WASHINGTON, D.C.—Environmental advocates suspected it was coming, but few thought it would happen this quickly.
On Tuesday, President Donald Trump ordered the re-authorization and rapid completion of the Dakota Access and the Keystone XL pipelines, two controversial infrastructure projects that will make it easier to transport fossil fuels across North America. The move tries to fulfill a “Day One” promise of Trump’s to weaken the regulatory procedures blocking the pipelines.
“The regulatory processes in this country have become a tangled-up mess, and very unfair,” he said as he signed the order. In a less Trumpian register, the document itself says, “I believe that construction and operation of lawfully permitted pipeline infrastructure serve the national interest.”
It is Trump’s first major attempt to dismantle former President Obama’s environmental and climate record. Whether it will be a successful attempt is another story. Obama’s climate actions were mostly premised on the power of the executive, so they may be easy for a different executive to undo. But lawyers warn that the fights to come could mire Trump in years-long court battles over regulatory law.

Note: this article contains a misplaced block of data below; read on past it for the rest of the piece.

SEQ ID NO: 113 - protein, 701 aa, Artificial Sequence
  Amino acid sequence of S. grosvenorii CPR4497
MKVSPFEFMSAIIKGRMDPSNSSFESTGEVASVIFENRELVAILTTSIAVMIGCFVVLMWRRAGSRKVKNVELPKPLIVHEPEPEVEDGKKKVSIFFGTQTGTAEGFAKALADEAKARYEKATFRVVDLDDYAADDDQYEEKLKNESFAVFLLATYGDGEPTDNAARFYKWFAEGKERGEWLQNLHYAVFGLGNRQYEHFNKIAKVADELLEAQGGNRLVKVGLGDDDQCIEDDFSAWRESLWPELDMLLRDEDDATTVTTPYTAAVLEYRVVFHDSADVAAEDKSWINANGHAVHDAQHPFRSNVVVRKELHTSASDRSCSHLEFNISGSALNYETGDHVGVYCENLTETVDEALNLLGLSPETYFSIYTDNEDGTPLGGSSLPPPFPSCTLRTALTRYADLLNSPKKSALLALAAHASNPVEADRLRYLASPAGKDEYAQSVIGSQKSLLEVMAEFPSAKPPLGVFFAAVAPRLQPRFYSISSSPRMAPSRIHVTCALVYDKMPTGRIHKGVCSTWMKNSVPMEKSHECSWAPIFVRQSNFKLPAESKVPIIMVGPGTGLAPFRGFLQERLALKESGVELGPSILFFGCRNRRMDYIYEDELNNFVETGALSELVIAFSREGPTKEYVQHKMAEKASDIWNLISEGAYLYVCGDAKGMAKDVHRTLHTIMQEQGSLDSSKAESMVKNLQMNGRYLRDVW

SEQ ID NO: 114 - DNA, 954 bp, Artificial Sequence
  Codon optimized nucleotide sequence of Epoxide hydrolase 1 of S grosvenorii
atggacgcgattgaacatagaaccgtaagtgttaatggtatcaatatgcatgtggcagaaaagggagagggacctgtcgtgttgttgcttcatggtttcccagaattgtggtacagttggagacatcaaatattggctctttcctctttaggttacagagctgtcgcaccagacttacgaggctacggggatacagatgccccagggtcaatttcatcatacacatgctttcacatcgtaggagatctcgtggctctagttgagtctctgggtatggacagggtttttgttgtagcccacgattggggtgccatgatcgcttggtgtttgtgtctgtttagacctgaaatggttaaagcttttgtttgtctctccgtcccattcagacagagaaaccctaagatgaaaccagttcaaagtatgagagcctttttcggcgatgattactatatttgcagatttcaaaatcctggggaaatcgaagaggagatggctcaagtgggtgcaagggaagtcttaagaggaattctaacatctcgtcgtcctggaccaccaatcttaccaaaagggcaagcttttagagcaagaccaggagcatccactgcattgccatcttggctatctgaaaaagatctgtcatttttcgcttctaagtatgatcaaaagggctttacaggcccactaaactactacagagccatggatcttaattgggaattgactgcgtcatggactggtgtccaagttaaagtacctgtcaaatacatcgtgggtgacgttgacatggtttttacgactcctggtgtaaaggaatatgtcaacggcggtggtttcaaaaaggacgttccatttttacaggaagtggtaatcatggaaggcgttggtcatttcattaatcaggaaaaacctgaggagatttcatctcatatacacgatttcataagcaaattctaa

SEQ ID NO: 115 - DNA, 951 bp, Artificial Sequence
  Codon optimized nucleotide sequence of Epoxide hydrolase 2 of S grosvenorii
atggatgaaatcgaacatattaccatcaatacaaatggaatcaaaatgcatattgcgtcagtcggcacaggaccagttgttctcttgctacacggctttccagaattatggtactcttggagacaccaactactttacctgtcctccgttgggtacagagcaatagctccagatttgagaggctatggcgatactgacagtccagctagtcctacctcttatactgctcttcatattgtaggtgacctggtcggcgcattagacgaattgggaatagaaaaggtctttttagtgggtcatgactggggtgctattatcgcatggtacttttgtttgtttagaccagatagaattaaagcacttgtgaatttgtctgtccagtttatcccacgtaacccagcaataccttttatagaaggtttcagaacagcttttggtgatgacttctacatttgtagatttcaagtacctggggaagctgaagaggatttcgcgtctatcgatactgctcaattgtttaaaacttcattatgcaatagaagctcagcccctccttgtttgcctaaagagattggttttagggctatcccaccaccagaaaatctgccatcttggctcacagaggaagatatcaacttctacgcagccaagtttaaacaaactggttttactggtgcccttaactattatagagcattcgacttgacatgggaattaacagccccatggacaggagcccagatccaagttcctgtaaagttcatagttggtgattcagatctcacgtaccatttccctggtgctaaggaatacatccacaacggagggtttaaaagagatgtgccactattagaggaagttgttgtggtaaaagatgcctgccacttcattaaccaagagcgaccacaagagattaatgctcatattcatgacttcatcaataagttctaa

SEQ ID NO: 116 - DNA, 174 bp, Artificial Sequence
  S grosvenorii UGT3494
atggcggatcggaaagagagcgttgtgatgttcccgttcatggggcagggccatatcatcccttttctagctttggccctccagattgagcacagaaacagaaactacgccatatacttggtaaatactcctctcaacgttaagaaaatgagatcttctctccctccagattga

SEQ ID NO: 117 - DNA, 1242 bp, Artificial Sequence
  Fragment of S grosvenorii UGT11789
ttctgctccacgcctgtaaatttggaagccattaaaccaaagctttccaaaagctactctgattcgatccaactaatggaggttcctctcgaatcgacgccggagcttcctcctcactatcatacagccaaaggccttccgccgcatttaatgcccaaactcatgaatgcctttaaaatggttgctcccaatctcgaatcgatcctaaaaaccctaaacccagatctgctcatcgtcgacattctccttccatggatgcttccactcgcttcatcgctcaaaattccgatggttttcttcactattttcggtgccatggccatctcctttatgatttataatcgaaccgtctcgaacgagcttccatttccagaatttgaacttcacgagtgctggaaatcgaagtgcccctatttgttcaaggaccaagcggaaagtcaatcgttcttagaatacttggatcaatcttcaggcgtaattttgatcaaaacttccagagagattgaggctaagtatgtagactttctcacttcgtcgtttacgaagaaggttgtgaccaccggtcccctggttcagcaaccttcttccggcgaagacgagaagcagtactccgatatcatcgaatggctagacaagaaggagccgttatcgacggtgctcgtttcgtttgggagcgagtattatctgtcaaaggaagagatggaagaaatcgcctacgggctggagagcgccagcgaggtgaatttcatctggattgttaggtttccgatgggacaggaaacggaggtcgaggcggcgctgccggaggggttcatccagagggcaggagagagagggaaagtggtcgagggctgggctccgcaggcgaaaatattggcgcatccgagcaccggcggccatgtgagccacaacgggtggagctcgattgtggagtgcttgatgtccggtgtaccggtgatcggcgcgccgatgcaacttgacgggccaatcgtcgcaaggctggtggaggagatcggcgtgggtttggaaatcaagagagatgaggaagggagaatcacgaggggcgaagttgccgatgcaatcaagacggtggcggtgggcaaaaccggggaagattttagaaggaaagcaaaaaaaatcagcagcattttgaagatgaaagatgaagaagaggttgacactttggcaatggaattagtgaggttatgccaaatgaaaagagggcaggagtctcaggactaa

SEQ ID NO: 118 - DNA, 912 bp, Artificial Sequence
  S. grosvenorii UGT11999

Tuesday’s events fit an emerging pattern for the Trump administration. In the mid-morning, the White House announced that the president had signed orders reviving the two controversial pipeline projects. But it did not actually release the orders themselves until the mid-afternoon—which left lawyers and reporters alike scrambling to parse the text of the new laws from an Associated Press photo. This also meant that the national press reported the news for hours without knowing, exactly, what it entailed. Finally, by dusk, hundreds of people assembled outside the White House to protest the orders.